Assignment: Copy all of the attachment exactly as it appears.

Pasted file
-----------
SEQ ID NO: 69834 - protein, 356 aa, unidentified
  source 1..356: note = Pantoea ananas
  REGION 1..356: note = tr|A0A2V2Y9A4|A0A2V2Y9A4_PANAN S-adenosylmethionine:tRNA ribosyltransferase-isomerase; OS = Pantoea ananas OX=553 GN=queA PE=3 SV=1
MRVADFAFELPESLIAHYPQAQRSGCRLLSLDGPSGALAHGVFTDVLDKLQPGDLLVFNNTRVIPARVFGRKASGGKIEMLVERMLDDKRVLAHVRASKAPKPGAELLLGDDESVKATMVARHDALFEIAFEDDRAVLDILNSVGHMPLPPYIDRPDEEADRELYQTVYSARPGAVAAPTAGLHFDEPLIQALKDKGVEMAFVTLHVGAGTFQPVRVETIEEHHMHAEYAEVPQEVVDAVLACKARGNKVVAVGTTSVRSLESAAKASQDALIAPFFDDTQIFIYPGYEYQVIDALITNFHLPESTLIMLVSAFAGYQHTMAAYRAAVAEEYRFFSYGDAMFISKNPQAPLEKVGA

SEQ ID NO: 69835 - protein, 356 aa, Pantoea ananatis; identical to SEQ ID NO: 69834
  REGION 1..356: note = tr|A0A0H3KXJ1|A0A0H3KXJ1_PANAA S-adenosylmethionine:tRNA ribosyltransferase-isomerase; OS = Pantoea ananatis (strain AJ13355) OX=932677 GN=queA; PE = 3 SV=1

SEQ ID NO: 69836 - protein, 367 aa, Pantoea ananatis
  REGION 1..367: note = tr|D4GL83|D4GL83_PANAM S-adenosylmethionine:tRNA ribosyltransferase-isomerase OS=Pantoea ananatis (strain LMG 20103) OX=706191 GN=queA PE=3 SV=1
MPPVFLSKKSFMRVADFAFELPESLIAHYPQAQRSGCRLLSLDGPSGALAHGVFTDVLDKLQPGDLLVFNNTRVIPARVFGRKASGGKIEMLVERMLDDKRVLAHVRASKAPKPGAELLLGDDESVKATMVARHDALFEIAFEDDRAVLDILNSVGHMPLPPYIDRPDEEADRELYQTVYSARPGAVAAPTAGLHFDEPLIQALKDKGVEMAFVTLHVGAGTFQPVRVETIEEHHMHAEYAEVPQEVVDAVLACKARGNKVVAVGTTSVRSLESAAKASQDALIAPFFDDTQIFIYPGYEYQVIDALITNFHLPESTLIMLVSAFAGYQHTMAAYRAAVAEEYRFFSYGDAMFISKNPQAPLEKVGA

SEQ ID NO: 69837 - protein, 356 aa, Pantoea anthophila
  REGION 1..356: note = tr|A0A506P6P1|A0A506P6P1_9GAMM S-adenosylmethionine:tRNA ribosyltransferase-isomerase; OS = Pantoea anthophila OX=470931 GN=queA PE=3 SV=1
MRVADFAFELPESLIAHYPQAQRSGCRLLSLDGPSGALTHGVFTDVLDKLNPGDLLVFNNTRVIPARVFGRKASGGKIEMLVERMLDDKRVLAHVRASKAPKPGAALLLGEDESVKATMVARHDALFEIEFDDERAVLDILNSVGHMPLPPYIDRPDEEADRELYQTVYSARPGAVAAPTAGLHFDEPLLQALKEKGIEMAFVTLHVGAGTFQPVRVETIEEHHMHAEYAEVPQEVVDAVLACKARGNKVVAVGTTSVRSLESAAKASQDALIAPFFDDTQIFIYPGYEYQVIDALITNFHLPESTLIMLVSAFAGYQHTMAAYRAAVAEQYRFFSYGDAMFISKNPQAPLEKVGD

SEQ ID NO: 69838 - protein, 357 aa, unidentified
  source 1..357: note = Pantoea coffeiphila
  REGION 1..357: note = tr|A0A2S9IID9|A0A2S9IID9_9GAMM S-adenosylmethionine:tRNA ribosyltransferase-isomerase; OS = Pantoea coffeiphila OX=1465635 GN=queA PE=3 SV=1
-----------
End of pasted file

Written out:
SEQ ID NO: 69834 - protein, 356 aa, unidentified
  source 1..356: note = Pantoea ananas
  REGION 1..356: note = tr|A0A2V2Y9A4|A0A2V2Y9A4_PANAN S-adenosylmethionine:tRNA ribosyltransferase-isomerase; OS = Pantoea ananas OX=553 GN=queA PE=3 SV=1
MRVADFAFELPESLIAHYPQAQRSGCRLLSLDGPSGALAHGVFTDVLDKLQPGDLLVFNNTRVIPARVFGRKASGGKIEMLVERMLDDKRVLAHVRASKAPKPGAELLLGDDESVKATMVARHDALFEIAFEDDRAVLDILNSVGHMPLPPYIDRPDEEADRELYQTVYSARPGAVAAPTAGLHFDEPLIQALKDKGVEMAFVTLHVGAGTFQPVRVETIEEHHMHAEYAEVPQEVVDAVLACKARGNKVVAVGTTSVRSLESAAKASQDALIAPFFDDTQIFIYPGYEYQVIDALITNFHLPESTLIMLVSAFAGYQHTMAAYRAAVAEEYRFFSYGDAMFISKNPQAPLEKVGA

SEQ ID NO: 69835 - protein, 356 aa, Pantoea ananatis; identical to SEQ ID NO: 69834
  REGION 1..356: note = tr|A0A0H3KXJ1|A0A0H3KXJ1_PANAA S-adenosylmethionine:tRNA ribosyltransferase-isomerase; OS = Pantoea ananatis (strain AJ13355) OX=932677 GN=queA; PE = 3 SV=1

SEQ ID NO: 69836 - protein, 367 aa, Pantoea ananatis
  REGION 1..367: note = tr|D4GL83|D4GL83_PANAM S-adenosylmethionine:tRNA ribosyltransferase-isomerase OS=Pantoea ananatis (strain LMG 20103) OX=706191 GN=queA PE=3 SV=1
MPPVFLSKKSFMRVADFAFELPESLIAHYPQAQRSGCRLLSLDGPSGALAHGVFTDVLDKLQPGDLLVFNNTRVIPARVFGRKASGGKIEMLVERMLDDKRVLAHVRASKAPKPGAELLLGDDESVKATMVARHDALFEIAFEDDRAVLDILNSVGHMPLPPYIDRPDEEADRELYQTVYSARPGAVAAPTAGLHFDEPLIQALKDKGVEMAFVTLHVGAGTFQPVRVETIEEHHMHAEYAEVPQEVVDAVLACKARGNKVVAVGTTSVRSLESAAKASQDALIAPFFDDTQIFIYPGYEYQVIDALITNFHLPESTLIMLVSAFAGYQHTMAAYRAAVAEEYRFFSYGDAMFISKNPQAPLEKVGA

SEQ ID NO: 69837 - protein, 356 aa, Pantoea anthophila
  REGION 1..356: note = tr|A0A506P6P1|A0A506P6P1_9GAMM S-adenosylmethionine:tRNA ribosyltransferase-isomerase; OS = Pantoea anthophila OX=470931 GN=queA PE=3 SV=1
MRVADFAFELPESLIAHYPQAQRSGCRLLSLDGPSGALTHGVFTDVLDKLNPGDLLVFNNTRVIPARVFGRKASGGKIEMLVERMLDDKRVLAHVRASKAPKPGAALLLGEDESVKATMVARHDALFEIEFDDERAVLDILNSVGHMPLPPYIDRPDEEADRELYQTVYSARPGAVAAPTAGLHFDEPLLQALKEKGIEMAFVTLHVGAGTFQPVRVETIEEHHMHAEYAEVPQEVVDAVLACKARGNKVVAVGTTSVRSLESAAKASQDALIAPFFDDTQIFIYPGYEYQVIDALITNFHLPESTLIMLVSAFAGYQHTMAAYRAAVAEQYRFFSYGDAMFISKNPQAPLEKVGD

SEQ ID NO: 69838 - protein, 357 aa, unidentified
  source 1..357: note = Pantoea coffeiphila
  REGION 1..357: note = tr|A0A2S9IID9|A0A2S9IID9_9GAMM S-adenosylmethionine:tRNA ribosyltransferase-isomerase; OS = Pantoea coffeiphila OX=1465635 GN=queA PE=3 SV=1